The Sneaker Exchange
, the creation of 23-year-old Zaid Osman
where people buy and sell their own footwear, was initially started to help Osman fund his start up. "I started the event to get rid of my personal sneakers and to inject money into my sneaker store 'Lost Property'," he says.
The young entrepreneur's business came about after living abroad while growing up. Born in South Africa, he moved to Richmond, Virginia, at four, before moving back to South Africa at 15. "When I moved back, there were a lot of sneakers that would sell out instantly in the U.S., and were simply sitting on shelves here.
"So I started to buy them and sell them back to my friends in the U.S.. Sneakers like the Nike Air Yeezy 1, Air Jordan CDP and so many other rare sneakers would not sell in South Africa."
The Sneaker Exchange events, which also feature live music, have grown from Osman's hobby into a viable business. Vendors pay to be part of the event, and guests are charged an entrance fee of about $5 (R60).
The first event started at a coffee shop in Woodstock, Cape Town, with about 80 people. The event now draws in over 2,000.
Working with his business partner Tebogo Mogola, Osman says he's created an event where people meet like-minded revellers. "It's very energetic. There's really not any other event like it in the country," says Osman. "You have kids, families, young and old, of all races and social standings coming to the event for the love of sneakers.
"No one has egos, everyone is at the event to enjoy themselves and to interact first hand with the sneaker culture."
What exactly is sneaker culture?
The High Museum of Art told the story of the rise of sneaker culture at an exhibition
earlier this year, tracing the running shoe back to its mid-19th century origins.
But today, sneaker culture is more about fashion than sport, with Adidas announcing its biggest ever partnership with a non-athlete
, recording artist turned fashion designer Kanye West, earlier this year.
"[Sneaker culture is] everywhere, and everywhere is different. Sneakers know no color, race or creed -- all individuals from different walks of life can come together for their mutual love of sneakers."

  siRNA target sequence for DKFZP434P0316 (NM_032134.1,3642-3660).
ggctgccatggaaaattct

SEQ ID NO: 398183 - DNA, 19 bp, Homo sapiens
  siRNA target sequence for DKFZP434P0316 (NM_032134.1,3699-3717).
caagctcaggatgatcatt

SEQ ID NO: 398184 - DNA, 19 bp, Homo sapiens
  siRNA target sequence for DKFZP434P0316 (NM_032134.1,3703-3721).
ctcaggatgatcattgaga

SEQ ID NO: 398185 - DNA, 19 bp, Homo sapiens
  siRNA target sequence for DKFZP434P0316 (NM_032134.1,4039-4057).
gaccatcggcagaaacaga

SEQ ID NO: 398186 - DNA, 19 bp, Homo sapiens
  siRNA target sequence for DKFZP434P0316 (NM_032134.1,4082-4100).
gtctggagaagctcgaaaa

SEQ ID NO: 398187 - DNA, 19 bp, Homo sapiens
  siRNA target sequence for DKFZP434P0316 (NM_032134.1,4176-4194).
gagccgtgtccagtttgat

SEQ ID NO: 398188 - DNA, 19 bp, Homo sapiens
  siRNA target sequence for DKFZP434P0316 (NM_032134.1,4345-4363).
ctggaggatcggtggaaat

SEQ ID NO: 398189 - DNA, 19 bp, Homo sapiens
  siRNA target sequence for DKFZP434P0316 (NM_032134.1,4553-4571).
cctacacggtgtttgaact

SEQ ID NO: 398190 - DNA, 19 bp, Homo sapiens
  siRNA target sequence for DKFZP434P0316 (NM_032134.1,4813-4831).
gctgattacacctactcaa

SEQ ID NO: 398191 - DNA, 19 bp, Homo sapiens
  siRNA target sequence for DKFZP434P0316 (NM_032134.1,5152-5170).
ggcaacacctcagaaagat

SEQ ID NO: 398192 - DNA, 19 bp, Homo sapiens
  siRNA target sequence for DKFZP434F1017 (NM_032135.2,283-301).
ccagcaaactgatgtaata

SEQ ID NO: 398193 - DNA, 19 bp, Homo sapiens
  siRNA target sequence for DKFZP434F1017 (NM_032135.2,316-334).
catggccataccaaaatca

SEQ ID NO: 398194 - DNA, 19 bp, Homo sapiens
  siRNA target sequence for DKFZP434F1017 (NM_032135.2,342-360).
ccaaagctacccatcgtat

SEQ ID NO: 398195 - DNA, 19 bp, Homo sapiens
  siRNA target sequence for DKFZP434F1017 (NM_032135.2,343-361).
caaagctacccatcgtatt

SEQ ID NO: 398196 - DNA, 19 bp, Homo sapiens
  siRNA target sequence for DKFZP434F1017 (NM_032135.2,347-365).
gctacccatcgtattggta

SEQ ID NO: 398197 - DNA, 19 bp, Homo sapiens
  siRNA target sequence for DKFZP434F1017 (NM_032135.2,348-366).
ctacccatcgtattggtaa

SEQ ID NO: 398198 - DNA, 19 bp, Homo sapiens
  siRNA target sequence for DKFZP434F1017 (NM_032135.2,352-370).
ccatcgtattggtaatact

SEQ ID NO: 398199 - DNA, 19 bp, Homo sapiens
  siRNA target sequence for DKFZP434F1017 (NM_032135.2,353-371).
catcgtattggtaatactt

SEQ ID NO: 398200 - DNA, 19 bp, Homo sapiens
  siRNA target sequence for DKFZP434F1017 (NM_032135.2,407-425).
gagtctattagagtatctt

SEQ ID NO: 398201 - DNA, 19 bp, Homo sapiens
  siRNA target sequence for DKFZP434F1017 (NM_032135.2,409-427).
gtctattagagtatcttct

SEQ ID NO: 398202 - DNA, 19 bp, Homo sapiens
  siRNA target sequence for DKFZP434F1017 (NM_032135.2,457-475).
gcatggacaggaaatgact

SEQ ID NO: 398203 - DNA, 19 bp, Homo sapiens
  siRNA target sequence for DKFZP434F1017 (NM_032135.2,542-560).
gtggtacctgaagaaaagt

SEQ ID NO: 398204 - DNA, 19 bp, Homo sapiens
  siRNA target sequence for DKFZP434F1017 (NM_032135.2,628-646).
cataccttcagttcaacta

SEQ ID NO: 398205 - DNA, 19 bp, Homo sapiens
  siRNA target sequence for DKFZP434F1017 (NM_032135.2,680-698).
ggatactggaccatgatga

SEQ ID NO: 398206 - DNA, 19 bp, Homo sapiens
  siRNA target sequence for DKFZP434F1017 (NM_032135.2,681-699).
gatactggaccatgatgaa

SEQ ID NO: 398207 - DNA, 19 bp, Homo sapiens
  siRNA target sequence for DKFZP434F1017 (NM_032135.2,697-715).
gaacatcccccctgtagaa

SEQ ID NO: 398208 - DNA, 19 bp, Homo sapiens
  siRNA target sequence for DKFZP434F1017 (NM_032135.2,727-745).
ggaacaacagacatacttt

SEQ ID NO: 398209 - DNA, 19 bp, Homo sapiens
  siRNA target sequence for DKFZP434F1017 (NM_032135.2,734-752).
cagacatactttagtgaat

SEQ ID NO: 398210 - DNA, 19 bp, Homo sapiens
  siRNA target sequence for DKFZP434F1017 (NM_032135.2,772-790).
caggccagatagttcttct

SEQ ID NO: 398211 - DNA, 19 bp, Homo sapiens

Osman sees Sneaker Exchange as more than just a place to buy shoes, he sees it as a platform for budding talent.
"It's the only event which serves as a stepping stone for young and upcoming brands and artists to showcase their potential."
South Africa's sneaker scene
Sneaker culture in South Africa is different to other parts of the world, but it's gaining its own identity, says Osman.
"Some of the brands just went to London with Merge ZA
(a traveling group of South African designers), this is exactly what we need to get sneaker culture in South Africa to the next level. It's all about showcasing ourselves, and collaborating with the international culture."
Osman tries to support South African sneaker culture through his store Lost Property. Started in his parent's house in 2010, he now sells international and local brands via a physical store in Cape Town and online.
Lost Property was founded before Sneaker Exchange, and started as the hub for sourcing limited edition products for customers in South Africa.
"Eventually, I needed to move the operation out from my parents' house and find a physical space. Brands then started to realize what we were doing and offered us premium products to sell," he said.
The next Sneaker Exchange
event is on October 29 in Cape Town, South Africa.